• huckster •
hêk-stêr • Hear it!
Part of Speech: Noun
Meaning: 1. A street peddler, a hawker of petty wares. 2. An overly aggressive, shifty-eyed, seemingly untrustworthy salesman. 3. An agent who produces advertising material.
Notes: Since today's "Good" Word took on its pejorative sense, the words derived from it all have a facetious taste (all the more reason for using them). The practice of huckstering is generally called hucksterism and all hucksters collectively are known as hucksterdom, as to be the best huckster in all hucksterdom.
In Play: Hucksters are usually fast-talking salesmen, pandering to the desires of potential customers if not palming off cheap wares for high prices: "My husband always watches the hucksters in the Sunday morning infomercials hawk their wares." Hucksters today are considered to be dishonest if effective salesmen: "Jes Newcombe is a huckster's huckster who could sell icebergs to Eskimos.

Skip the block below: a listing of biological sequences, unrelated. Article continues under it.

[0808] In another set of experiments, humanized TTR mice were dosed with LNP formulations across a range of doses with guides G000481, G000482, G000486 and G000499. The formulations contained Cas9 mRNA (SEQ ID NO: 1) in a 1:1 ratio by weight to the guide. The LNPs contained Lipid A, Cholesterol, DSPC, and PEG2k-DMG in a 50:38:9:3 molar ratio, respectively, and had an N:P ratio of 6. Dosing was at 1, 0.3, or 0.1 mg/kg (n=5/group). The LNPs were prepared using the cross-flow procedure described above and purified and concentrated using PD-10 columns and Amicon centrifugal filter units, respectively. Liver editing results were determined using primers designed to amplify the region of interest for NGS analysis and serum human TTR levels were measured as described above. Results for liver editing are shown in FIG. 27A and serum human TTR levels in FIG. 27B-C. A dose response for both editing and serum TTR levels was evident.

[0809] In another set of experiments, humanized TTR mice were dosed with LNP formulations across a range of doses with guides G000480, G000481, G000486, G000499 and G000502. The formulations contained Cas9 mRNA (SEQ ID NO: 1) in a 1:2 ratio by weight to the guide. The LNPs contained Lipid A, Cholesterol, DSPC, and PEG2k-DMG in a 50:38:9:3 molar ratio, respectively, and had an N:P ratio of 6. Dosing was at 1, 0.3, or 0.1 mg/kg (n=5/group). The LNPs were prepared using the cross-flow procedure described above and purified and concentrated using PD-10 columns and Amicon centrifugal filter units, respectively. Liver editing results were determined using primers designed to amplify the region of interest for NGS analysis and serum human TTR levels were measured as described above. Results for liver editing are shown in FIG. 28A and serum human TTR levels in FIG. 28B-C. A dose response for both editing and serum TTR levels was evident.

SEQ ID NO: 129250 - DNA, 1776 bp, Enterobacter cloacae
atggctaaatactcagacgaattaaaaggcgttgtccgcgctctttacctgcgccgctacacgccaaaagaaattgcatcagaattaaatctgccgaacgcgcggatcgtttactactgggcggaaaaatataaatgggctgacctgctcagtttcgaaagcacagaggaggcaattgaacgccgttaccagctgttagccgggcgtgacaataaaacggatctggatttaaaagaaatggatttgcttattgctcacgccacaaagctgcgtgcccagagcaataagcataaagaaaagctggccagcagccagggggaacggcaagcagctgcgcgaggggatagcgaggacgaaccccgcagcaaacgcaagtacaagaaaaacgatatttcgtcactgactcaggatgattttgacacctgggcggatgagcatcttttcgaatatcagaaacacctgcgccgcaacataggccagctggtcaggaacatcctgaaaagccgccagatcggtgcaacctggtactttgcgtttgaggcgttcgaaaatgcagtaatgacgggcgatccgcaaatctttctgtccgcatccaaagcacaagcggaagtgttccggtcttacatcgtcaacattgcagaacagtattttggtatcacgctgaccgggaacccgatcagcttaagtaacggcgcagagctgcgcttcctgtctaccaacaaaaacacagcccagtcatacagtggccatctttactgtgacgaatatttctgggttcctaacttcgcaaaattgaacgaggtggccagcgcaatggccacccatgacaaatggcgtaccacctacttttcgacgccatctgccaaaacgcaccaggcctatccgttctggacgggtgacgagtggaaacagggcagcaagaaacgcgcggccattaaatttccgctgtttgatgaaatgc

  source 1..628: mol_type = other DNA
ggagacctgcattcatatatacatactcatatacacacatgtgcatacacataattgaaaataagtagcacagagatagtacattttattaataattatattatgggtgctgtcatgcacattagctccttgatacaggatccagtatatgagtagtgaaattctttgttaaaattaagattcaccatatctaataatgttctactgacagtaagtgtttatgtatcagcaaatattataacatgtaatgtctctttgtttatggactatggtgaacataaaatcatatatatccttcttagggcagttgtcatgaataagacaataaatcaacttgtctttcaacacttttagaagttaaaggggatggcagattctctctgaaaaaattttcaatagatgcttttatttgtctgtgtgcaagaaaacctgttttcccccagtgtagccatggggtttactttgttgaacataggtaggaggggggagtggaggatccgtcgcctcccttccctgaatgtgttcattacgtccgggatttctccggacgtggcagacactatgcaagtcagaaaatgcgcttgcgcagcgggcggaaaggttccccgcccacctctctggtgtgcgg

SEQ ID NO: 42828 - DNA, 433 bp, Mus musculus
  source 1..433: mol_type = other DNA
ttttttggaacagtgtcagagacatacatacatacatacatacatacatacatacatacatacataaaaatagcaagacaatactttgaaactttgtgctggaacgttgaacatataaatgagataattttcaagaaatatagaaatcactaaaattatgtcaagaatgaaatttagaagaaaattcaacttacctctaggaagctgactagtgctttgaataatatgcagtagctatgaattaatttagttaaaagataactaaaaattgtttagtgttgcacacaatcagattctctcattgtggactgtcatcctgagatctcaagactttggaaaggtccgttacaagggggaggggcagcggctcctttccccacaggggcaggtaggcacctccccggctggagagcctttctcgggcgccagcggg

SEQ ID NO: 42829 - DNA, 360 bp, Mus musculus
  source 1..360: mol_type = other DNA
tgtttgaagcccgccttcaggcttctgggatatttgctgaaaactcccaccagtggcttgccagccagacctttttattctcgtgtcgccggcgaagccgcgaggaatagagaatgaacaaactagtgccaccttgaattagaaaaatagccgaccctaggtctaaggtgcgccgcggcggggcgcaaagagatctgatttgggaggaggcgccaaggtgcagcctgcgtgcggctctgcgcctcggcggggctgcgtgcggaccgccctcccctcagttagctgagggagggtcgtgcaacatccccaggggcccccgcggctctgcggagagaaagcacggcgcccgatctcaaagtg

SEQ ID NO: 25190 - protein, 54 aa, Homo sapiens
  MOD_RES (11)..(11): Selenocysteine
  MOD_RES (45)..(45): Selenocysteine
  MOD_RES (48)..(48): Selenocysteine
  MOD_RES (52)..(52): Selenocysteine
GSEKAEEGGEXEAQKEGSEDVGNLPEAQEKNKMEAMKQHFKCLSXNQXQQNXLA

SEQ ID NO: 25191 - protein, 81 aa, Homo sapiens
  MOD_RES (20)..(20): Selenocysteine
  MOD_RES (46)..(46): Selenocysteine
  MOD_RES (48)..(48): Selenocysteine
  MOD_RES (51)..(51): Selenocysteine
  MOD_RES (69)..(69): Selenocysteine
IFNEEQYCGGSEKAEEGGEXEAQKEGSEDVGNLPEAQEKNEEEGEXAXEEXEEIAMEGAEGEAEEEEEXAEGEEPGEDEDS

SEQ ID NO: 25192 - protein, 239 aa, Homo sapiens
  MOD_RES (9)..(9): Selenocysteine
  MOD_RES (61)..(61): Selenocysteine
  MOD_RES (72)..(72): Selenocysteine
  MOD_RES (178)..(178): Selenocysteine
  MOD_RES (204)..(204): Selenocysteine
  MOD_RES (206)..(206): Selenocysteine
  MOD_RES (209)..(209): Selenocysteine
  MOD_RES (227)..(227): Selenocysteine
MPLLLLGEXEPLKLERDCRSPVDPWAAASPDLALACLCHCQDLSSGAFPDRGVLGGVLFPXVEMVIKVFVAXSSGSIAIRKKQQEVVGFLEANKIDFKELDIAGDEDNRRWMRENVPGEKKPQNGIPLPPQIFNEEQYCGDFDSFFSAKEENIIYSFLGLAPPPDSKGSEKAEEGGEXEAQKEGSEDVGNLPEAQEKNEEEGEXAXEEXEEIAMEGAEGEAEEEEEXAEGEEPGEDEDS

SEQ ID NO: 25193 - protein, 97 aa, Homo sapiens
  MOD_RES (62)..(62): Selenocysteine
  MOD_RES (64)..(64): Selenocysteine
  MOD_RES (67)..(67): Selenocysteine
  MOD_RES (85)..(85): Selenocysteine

Word History: Etymologists can't help thinking that this word is related to Middle Dutch hokester "peddler" from hoken "to peddle", a relative of the English verb hawk. The specific sense of "an advertising salesman" is due to the 1946 novel The Hucksters by Frederick Wakeman. Huckster is clearly related to hawk, a word that seems to share an origin with German hocken "to crouch, squat". Some have argued that the German word originally meant "to carry pick-a-back" while others argue that the connection goes back to a time when hawkers squatted in a stall. Either way, no one knows where hoken or hocken comes from. (Let's not forget to thank Chris Berry, who doesn't have to huckster Good Words like today's; we love them.)
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